JO TIMBUONG The Star 15 May 17;
SEPANG: The Customs Department intercepted a smuggling attempt involving more than 330 tortoises valued at RM1.2mil at the KL International Airport on Sunday.
Acting on a tip-off, a team of officers searched the air cargo warehouse at the Free Commercial Zone and found five boxes containing suitcases.
They found 325 Indian Star tortoises and five Ploughshare tortoises wrapped in moist pouches in the suitcases.
The tortoises were found alive and are believed to have been sedated.
The cargo arrived from Antananarivo Airport in Madagascar declared as "stones".
The fake address on the airway bill was a shop supposedly located in Salak Tinggi here.
Customs Enforcement Division deputy director Abdull Wahid Sulong said it was the first time that they found tortoises smuggled via air cargo.
"We've had five similar cases since 2015 and smugglers usually either hand carry or smuggle them through the post," he said.
Abdull Wahid said the Ploughshare tortoises could fetch US$4,000 (about RM17,339) each while the Indian Star species could sell for US$1,000 (about RM 4,334) each on the black market.
"These tortoises would normally be kept as exotic pets but we aren't able to determine whether they are destined for that or for traditional medicine," he said.
330 exotic tortoises smuggled in via suitcases
JO TIMBUONG The Star 16 May 17;
SEPANG: Quick action by the Royal Malaysian Customs saved 330 tortoises from being encased in glass tanks by local exotic pet enthusiasts.
On Sunday, the department’s enforcement team intercepted the smuggling of Ploughshare and Indian Star tortoises, estimated to be valued at RM1.2mil, at KLIA.
Acting on a tip-off, a Customs enforcement team searched the air cargo warehouse at the Free Commercial Zone here and found five boxes, each containing a suitcase.
Upon further investigation, enforcement officers found 325 Indian Star tortoises and five Plougshare tortoises wrapped in moistened pouches inside the suitcases.
The illegal cargo came in from Antananarivo Airport, Madagascar, and were supposed to be passed off as “stones”, according to the airway bill. The bill also bore a fake address of a shop allegedly located in Salak Tinggi.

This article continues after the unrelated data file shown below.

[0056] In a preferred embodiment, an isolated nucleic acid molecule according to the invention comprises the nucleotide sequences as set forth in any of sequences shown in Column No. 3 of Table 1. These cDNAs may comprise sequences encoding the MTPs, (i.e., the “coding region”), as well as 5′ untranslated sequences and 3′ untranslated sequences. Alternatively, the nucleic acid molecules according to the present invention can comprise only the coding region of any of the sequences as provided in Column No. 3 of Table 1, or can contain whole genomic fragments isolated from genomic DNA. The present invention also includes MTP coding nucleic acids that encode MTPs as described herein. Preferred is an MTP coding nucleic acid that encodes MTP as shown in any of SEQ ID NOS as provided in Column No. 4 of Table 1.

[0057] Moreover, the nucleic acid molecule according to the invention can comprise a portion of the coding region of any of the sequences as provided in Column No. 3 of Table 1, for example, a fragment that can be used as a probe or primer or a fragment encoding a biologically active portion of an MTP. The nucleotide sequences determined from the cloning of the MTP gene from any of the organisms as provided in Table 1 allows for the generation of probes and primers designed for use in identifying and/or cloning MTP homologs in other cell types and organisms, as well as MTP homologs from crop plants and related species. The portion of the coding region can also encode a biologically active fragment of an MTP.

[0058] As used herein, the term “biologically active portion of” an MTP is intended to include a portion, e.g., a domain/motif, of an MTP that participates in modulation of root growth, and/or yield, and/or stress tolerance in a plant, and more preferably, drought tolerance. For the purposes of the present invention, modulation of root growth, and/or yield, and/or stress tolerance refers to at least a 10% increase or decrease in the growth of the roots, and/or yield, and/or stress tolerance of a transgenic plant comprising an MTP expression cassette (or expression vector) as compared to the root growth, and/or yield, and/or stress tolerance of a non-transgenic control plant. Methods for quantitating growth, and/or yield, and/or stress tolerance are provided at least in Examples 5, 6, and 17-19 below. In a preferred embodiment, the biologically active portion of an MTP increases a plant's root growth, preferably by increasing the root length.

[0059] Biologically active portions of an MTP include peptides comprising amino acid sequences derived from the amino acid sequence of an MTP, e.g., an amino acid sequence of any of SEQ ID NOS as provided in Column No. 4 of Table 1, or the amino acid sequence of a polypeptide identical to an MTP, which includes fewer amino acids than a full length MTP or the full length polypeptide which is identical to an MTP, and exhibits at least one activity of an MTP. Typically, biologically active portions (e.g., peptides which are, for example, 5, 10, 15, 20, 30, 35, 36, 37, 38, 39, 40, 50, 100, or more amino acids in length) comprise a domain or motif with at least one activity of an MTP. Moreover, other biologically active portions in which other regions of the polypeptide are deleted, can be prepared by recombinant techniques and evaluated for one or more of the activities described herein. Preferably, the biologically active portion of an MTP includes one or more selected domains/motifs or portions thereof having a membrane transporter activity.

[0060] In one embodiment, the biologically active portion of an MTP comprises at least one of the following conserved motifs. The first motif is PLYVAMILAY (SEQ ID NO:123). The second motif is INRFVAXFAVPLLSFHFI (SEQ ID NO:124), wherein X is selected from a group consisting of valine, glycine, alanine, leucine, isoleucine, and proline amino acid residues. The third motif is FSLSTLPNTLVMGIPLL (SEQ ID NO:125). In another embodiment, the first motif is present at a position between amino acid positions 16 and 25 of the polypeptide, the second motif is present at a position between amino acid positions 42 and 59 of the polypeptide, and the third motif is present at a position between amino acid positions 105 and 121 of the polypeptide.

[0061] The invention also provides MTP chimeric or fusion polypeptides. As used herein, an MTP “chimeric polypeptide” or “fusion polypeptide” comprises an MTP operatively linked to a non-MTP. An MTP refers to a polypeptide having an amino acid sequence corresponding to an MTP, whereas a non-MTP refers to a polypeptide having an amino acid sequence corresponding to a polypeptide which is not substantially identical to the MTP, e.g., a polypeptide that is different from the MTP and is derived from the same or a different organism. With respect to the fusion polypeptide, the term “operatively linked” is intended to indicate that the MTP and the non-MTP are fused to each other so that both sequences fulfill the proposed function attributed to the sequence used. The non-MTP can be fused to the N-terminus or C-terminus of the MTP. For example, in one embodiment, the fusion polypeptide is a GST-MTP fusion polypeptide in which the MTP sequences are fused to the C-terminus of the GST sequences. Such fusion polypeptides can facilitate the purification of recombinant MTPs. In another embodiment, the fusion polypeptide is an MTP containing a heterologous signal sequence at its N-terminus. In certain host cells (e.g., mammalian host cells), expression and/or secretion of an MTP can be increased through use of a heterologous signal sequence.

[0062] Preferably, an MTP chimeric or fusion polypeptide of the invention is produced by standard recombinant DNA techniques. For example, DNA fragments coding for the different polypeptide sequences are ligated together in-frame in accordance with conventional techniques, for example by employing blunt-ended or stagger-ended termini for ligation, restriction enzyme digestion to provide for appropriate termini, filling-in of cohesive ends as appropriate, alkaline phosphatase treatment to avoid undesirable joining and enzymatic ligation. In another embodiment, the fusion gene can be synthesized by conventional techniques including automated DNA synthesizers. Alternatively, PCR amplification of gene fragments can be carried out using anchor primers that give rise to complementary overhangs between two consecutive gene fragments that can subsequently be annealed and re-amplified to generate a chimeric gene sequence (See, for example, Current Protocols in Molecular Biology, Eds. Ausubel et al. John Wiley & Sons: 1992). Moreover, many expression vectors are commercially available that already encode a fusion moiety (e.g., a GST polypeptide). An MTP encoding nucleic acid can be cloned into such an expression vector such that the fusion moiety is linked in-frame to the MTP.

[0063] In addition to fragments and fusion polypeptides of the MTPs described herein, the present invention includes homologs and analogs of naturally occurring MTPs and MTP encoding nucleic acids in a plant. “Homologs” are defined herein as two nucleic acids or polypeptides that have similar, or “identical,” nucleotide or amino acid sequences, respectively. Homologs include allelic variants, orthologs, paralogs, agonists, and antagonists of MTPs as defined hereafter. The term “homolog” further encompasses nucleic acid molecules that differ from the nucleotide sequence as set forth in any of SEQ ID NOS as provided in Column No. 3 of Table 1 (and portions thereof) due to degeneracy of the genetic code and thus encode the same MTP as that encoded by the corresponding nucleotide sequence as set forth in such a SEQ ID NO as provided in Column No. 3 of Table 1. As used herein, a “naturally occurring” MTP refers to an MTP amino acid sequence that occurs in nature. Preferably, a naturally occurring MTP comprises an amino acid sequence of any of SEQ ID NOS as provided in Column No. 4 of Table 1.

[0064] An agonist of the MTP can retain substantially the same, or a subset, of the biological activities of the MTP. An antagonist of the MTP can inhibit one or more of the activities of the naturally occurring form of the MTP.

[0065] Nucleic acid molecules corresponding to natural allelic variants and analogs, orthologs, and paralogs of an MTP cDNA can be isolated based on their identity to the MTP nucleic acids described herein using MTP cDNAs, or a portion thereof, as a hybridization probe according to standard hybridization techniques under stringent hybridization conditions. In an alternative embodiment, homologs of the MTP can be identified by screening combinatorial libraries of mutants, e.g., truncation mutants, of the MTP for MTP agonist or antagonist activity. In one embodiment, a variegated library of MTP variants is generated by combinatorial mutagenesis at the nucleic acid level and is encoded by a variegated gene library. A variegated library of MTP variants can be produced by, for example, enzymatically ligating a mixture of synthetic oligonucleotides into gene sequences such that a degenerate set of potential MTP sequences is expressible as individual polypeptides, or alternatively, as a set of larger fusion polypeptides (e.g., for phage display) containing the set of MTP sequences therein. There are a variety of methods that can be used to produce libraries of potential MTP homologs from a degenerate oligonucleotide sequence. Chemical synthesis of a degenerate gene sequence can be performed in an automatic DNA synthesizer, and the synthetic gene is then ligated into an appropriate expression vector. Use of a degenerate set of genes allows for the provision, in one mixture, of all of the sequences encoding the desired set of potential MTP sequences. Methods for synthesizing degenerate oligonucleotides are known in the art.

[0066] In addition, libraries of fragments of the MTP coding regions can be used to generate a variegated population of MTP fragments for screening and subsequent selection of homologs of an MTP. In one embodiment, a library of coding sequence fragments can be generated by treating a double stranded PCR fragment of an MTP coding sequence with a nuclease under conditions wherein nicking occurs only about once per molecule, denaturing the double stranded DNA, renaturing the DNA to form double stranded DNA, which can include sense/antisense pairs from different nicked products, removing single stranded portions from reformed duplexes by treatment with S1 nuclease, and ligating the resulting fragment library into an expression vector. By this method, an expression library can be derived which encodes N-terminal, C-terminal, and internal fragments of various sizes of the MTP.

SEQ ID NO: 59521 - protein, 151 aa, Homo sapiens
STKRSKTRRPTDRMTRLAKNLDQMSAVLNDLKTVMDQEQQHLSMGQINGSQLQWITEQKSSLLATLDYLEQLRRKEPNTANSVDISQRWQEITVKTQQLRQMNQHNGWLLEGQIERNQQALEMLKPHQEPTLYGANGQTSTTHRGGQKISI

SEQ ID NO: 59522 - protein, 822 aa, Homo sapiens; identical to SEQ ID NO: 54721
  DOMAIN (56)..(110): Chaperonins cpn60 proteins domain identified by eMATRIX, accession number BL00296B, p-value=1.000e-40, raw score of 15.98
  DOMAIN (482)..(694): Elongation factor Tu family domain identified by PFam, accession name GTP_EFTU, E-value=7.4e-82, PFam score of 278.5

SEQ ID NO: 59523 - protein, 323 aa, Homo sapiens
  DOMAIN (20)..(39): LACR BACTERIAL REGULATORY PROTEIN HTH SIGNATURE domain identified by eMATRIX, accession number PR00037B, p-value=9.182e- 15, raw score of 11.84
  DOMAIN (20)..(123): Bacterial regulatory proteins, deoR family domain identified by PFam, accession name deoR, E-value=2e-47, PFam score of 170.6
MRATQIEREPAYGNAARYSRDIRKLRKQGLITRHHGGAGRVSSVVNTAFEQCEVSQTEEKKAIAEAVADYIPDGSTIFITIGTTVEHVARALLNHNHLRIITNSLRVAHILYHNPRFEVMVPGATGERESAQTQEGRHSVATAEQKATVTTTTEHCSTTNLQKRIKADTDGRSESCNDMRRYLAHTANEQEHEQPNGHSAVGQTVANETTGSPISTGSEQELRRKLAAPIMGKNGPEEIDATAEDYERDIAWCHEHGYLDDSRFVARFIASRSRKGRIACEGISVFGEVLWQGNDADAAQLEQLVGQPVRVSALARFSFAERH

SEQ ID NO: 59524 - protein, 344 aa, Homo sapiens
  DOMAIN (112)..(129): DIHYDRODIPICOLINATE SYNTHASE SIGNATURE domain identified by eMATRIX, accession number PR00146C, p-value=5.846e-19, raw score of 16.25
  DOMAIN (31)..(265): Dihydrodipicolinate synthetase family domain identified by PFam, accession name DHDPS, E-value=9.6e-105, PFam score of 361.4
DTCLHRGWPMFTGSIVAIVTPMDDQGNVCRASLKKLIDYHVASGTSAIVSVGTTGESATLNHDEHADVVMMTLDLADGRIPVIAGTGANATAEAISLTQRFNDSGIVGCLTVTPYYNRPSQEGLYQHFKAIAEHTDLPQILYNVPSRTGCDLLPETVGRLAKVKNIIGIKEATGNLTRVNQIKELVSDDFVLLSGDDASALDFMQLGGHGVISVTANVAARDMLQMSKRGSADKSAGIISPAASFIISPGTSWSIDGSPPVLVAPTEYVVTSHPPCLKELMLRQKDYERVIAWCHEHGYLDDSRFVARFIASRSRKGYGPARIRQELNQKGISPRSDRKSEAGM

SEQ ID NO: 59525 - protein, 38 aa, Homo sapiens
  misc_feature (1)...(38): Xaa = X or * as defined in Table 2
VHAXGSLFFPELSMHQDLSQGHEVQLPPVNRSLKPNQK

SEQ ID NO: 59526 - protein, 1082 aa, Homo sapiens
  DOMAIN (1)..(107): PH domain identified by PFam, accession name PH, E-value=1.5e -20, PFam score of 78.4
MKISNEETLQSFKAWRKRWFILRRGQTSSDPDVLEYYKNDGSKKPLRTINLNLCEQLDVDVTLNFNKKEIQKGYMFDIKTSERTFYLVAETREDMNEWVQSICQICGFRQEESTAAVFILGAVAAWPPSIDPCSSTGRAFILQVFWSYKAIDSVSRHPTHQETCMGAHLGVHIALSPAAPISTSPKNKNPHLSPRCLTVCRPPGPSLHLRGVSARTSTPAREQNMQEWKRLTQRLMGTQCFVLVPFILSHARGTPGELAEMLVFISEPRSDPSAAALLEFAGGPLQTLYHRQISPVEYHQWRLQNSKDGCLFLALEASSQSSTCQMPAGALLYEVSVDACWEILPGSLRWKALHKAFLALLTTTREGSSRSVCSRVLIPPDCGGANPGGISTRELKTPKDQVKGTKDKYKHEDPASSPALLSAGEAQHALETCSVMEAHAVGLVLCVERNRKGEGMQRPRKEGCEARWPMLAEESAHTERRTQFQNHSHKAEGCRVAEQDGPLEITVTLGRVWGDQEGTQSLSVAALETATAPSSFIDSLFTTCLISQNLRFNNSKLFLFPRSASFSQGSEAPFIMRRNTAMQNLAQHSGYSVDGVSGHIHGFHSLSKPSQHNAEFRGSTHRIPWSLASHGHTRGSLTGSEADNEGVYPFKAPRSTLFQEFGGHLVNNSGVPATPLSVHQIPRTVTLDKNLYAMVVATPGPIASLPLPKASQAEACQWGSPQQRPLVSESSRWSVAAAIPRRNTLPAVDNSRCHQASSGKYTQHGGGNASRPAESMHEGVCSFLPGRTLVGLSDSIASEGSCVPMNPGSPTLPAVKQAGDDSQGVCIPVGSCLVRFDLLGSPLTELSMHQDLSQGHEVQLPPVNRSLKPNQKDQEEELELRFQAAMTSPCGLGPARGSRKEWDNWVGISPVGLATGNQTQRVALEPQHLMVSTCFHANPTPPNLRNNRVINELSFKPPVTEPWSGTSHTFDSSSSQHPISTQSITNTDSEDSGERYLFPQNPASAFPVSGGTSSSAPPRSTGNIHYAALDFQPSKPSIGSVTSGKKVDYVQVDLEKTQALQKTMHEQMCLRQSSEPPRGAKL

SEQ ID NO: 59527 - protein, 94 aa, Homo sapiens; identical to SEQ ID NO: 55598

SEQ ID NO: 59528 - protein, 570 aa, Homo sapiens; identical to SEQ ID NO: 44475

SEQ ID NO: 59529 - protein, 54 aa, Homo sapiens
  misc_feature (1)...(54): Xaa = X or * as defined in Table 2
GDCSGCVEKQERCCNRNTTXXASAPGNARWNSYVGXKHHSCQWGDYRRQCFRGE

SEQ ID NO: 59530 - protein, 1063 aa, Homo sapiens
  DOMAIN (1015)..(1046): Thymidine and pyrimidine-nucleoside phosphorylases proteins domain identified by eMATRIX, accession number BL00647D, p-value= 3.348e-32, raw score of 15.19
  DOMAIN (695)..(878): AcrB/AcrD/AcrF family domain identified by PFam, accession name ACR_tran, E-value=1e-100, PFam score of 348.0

All the tortoises were alive and believed to have been sedated.
Customs deputy director of enforcement Abdull Wahid Sulong said this was the first time the tortoises were smuggled through air cargo in large numbers.
“We’ve had five similar cases since 2015 and smugglers either bring them in smaller quantities through hand carry luggages or smuggle them through post,” he told reporters yesterday.
Abdull Wahid believed the tortoises were to be sold in the local black market.
Ploughshare tortoises could fetch US$4,000 (RM17,341) each while the Indian Star species could sell for US$1,000 (RM4,335) each.
“Since we found them alive, they were most probably destined for the exotic pet market,” he said.
The department could not say if a syndicate was behind the smuggling.
“It is difficult to pin-point at the time being and arrests have yet to be made,” Abdull Wahid said.
The case is being investigated under Section 135(1) (a) of the Customs Act 1967 for importing prohibited items as it is illegal to import tortoises without a permit.
Ploughshares are native to Madagascar while Indian Stars can be found in India and Sri Lanka.
Both species are listed as endangered. They will be handed over to the Department of Wildlife and Natural Parks of Peninsular Malaysia.
Meanwhile, a 35-year-old trader from Tamil Nadu, India, was sentenced by a Sessions Court here to two years’ jail for keeping 20 black pond turtles.
Bakrudin Ali Ahamed Habeeb admitted to two counts of keeping 10 female and 10 male black pond turtles (Geoclemys Hamiltonii) without a special permit at a hotel room in Lorong Ceylon at 5.40pm on May 9.
He also admitted to another charge of keeping the 20 turtles inside three suitcases, thus causing pain and suffering to the turtles.
Sessions Court judge Harmi Thamri Mohamad @ Shaharudin sentenced Bakrudin to 24 months in jail for keeping the female turtles, 12 months for keeping the male turtles and three months for causing them pain and suffering. The sentences will run concurrently.
JO TIMBUONG The Star 15 May 17;